None of the Above
Author: I.W. Gregorio
Release Date: April 7, 2015
A groundbreaking story about a teenage girl who discovers she was born intersex … and what happens when her secret is revealed to the entire school. Incredibly compelling and sensitively told, None of the Above is a thought-provoking novel that explores what it means to be a boy, a girl, or something in between.
What if everything you knew about yourself changed in an instant?
When Kristin Lattimer is voted homecoming queen, it seems like another piece of her ideal life has fallen into place. She’s a champion hurdler with a full scholarship to college and she’s madly in love with her boyfriend. In fact, she’s decided that she’s ready to take things to the next level with him.
But Kristin’s first time isn’t the perfect moment she’s planned–something is very wrong. A visit to the doctor reveals the truth: Kristin is intersex, which means that though she outwardly looks like a girl, she has male chromosomes, not to mention boy “parts.”
Dealing with her body is difficult enough, but when her diagnosis is leaked to the whole school, Kristin’s entire identity is thrown into question. As her world unravels, can she come to terms with her new self?
I received an ARC of this book in exchange for an honest review.
“As my classmates piped up I stayed silent, my eyes riveted to the clock, my mind trying its hardest not to go there: maybe Shakespeare was preaching that it shouldn’t matter if you were a man or a woman.
But what if you were something in between?”
Kristin Lattimer is one lucky girl. Great in a sport? Check. (Specifically, cross country) Healthy, stable relationship with jock boyfriend? Check. Homecoming queen nominee? Check. Tight with best girlfriends since childhood? Check.
Until all those checks become unchecked.
It all begins when Kristin finds out that she has AIS, or androgen insensitivity syndrome.
“‘It’s just a… a unique genetic syndrome that causes an intersex state – where a person looks outwardly like a female, but has some of the internal characteristics of a male.'”
This was what caught my attention when I read the blurb of the book. I remember an episode from House in the earlier seasons where a teenage model turned out to be a male with high doses of estrogen (and prostate cancer too, if I recall).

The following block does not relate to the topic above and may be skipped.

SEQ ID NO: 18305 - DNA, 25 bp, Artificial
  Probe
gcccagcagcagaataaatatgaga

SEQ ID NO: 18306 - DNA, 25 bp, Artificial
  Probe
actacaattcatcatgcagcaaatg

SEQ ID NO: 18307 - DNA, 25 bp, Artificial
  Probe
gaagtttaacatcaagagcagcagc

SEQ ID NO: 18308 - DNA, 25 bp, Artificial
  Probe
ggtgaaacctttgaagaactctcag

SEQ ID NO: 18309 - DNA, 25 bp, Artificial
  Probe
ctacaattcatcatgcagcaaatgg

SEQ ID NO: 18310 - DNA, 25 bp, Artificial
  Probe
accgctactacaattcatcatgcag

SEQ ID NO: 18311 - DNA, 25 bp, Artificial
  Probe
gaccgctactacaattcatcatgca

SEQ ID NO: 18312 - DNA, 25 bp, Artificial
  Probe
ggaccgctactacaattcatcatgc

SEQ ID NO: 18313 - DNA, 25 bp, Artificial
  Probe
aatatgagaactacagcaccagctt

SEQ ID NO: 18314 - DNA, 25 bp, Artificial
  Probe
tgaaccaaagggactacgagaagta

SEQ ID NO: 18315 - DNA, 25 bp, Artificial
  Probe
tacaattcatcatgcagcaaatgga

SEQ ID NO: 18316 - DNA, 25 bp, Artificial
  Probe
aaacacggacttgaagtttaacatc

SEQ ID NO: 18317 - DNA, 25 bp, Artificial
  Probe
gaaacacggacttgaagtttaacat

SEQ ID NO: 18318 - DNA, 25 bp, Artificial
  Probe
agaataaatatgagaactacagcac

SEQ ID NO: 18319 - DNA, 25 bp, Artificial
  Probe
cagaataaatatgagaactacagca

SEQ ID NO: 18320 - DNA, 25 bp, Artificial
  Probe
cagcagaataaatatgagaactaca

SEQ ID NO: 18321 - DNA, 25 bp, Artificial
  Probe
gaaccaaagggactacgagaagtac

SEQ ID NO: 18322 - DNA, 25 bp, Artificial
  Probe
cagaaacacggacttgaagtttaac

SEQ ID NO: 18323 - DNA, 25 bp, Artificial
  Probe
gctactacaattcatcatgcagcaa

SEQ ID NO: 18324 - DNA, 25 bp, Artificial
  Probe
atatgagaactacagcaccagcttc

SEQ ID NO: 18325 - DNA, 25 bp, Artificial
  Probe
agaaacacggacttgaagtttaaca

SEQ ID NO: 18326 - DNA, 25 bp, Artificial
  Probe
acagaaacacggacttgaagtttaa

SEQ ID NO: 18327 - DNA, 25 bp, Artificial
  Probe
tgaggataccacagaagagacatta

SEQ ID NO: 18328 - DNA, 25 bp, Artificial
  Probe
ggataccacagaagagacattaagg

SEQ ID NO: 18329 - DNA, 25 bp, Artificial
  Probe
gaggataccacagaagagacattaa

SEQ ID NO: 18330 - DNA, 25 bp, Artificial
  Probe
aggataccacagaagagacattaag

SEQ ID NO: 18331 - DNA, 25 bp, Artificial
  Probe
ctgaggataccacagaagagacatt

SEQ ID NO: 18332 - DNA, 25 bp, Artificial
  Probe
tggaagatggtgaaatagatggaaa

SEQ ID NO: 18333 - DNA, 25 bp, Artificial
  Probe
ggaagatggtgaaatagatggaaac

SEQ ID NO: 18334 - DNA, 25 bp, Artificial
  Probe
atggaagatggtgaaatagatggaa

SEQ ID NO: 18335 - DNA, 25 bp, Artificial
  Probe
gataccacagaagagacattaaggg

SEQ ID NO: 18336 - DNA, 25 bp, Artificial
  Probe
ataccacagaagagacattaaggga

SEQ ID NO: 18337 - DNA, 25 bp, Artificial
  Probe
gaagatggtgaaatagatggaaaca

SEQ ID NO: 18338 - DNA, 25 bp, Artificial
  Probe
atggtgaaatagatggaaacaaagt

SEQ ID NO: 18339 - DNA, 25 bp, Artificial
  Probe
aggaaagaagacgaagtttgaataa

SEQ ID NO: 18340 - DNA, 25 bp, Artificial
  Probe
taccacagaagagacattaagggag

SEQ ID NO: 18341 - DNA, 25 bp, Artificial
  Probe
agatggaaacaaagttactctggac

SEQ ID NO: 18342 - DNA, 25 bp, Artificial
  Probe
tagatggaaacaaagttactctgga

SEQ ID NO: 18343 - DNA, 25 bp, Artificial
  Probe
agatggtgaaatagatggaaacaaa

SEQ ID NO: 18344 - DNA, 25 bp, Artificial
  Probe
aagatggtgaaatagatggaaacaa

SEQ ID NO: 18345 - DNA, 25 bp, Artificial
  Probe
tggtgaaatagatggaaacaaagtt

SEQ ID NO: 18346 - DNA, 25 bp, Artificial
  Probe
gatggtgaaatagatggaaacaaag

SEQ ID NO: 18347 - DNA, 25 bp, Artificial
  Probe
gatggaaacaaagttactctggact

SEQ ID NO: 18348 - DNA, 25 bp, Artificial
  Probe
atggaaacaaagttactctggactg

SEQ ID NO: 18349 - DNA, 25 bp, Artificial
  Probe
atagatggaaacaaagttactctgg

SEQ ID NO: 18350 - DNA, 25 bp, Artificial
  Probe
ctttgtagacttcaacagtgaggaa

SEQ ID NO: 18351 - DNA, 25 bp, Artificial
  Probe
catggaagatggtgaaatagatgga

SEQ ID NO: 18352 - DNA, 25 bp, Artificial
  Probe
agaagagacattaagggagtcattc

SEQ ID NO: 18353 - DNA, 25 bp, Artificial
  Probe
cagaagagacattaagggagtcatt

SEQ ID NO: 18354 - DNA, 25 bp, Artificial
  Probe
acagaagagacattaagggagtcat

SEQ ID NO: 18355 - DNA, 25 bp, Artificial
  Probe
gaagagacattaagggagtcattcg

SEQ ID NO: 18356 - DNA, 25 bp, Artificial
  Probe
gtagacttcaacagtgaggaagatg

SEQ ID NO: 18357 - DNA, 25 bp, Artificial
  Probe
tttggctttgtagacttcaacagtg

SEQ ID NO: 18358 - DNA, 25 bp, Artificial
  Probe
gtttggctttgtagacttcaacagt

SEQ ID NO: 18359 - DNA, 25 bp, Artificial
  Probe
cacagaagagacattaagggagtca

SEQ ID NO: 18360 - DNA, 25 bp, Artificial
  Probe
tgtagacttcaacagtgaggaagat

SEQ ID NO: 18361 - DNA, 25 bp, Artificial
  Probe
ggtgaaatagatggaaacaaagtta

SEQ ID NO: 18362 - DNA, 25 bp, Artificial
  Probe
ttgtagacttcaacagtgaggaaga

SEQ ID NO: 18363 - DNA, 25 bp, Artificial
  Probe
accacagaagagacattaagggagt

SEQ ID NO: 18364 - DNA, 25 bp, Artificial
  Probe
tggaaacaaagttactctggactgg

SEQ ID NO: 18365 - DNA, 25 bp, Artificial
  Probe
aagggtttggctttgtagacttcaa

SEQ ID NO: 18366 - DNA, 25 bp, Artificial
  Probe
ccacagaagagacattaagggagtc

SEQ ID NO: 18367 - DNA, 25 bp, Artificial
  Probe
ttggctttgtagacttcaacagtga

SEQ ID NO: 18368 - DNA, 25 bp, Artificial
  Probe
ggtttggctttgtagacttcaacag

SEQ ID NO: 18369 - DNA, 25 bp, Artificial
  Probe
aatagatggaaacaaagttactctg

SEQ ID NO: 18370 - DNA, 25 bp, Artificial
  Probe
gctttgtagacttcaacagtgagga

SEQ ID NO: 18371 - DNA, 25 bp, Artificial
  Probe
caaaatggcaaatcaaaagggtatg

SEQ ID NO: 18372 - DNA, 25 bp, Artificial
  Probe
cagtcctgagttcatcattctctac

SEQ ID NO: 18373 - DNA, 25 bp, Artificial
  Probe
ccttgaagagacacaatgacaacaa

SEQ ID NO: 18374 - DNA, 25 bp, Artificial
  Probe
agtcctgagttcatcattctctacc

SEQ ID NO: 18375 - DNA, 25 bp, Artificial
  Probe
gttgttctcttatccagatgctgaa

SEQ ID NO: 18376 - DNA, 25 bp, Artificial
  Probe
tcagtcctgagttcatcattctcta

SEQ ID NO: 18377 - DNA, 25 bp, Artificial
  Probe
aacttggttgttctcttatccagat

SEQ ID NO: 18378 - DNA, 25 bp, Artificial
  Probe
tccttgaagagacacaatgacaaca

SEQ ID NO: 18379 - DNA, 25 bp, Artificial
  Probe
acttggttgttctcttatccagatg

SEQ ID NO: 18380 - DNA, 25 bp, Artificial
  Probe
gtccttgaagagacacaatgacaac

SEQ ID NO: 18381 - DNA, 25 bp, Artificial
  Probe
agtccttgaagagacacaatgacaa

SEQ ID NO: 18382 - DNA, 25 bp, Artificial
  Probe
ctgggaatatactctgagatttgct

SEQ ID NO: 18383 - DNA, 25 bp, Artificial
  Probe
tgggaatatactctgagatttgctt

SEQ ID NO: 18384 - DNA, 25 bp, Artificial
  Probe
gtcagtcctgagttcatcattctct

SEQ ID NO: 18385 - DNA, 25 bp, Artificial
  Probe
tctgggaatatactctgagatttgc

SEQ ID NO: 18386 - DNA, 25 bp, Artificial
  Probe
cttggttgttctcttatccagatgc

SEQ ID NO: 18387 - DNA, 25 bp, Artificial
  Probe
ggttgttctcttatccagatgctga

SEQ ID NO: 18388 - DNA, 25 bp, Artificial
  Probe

Kristin’s predicament is quite different, but she still faces difficult situations, like that patient in House. It’s bad enough to find out that your body isn’t what you thought it was, but it gets worse when you whole school finds out.
The way Kristin dealt with everything was very realistic to me and showed how strong she is as a character. Sure, it comes as a hard blow. But through it all, she grows and adapts.
When the school finds out that Kristin is intersex (as said in the blurb), she faces social ostracism from many peers.
“‘I’ve got nothing to say to you, you homo,’ he said loudly.”
It really messes her up, but throughout it all she also discovers the people that do care and that stay by her side and offered support. It’s a book about self-discovery for Kristin, but also awareness of her social circle and the type of people in it.
Speaking of social circle, Kristin is backed up by two friends from childhood that have always been with her: Faith and Krissy. Their friendship has a foundation that not even an ambiguous diagnosis can break. Kristin’s friends are as three-dimensional as herself. Faith comes out as a good Samaritan who follows the rules while Krissy’s capricious and sometimes harsh nature provides a nice foil. Then we have Kristin, who balances them all out. It’s a friendship that has equilibrium.
Spoiler: (highlight to see)Can I just give a shout out to Kristin’s dad? Like, it’s no easy feat being a single father of a teenage girl. But being a father while your daughter is going through something like this? Ooh boy. He stuck by her side along every step of the way and even printed out documents of research on Kristin’s diagnosis, which is so sweet. It’s scary for your child to be going through something like this, especially since Kristin’s mother died of cervical cancer and Kristin might have that passed through genes. Through it all, their daughter-father bond stayed strong. A+ fam guys.
Kristin’s jock boyfriend is a football player named Sam. What a typical jock name, huh? They’re been together for a while, and the tipping point in Kristin’s life came when she wanted to “do the do” with him and discovered some things that were not what she expceted. In the beginning of the book, they are very sweet together and seem like a great couple. Get farther into the book and your feelings might change about him. Why? Read the book and find out.
None of the Above is a girl’s journey in discovering and accepting herself. Kristin joins support groups, finds other people that have AIS, and throughout it all becomes friends with people that she would never have thought twice about before the diagnosis. What seemed like an easy question of choosing male or female becomes daunting as Kristin can only say “none of the above.” However, the support of friends and family make that choice easier as she learns to accept herself.
“‘Just having a Y chromosome doesn’t automatically make you a man.'”
Quotes are from an ARC copy and are subject to change upon publication.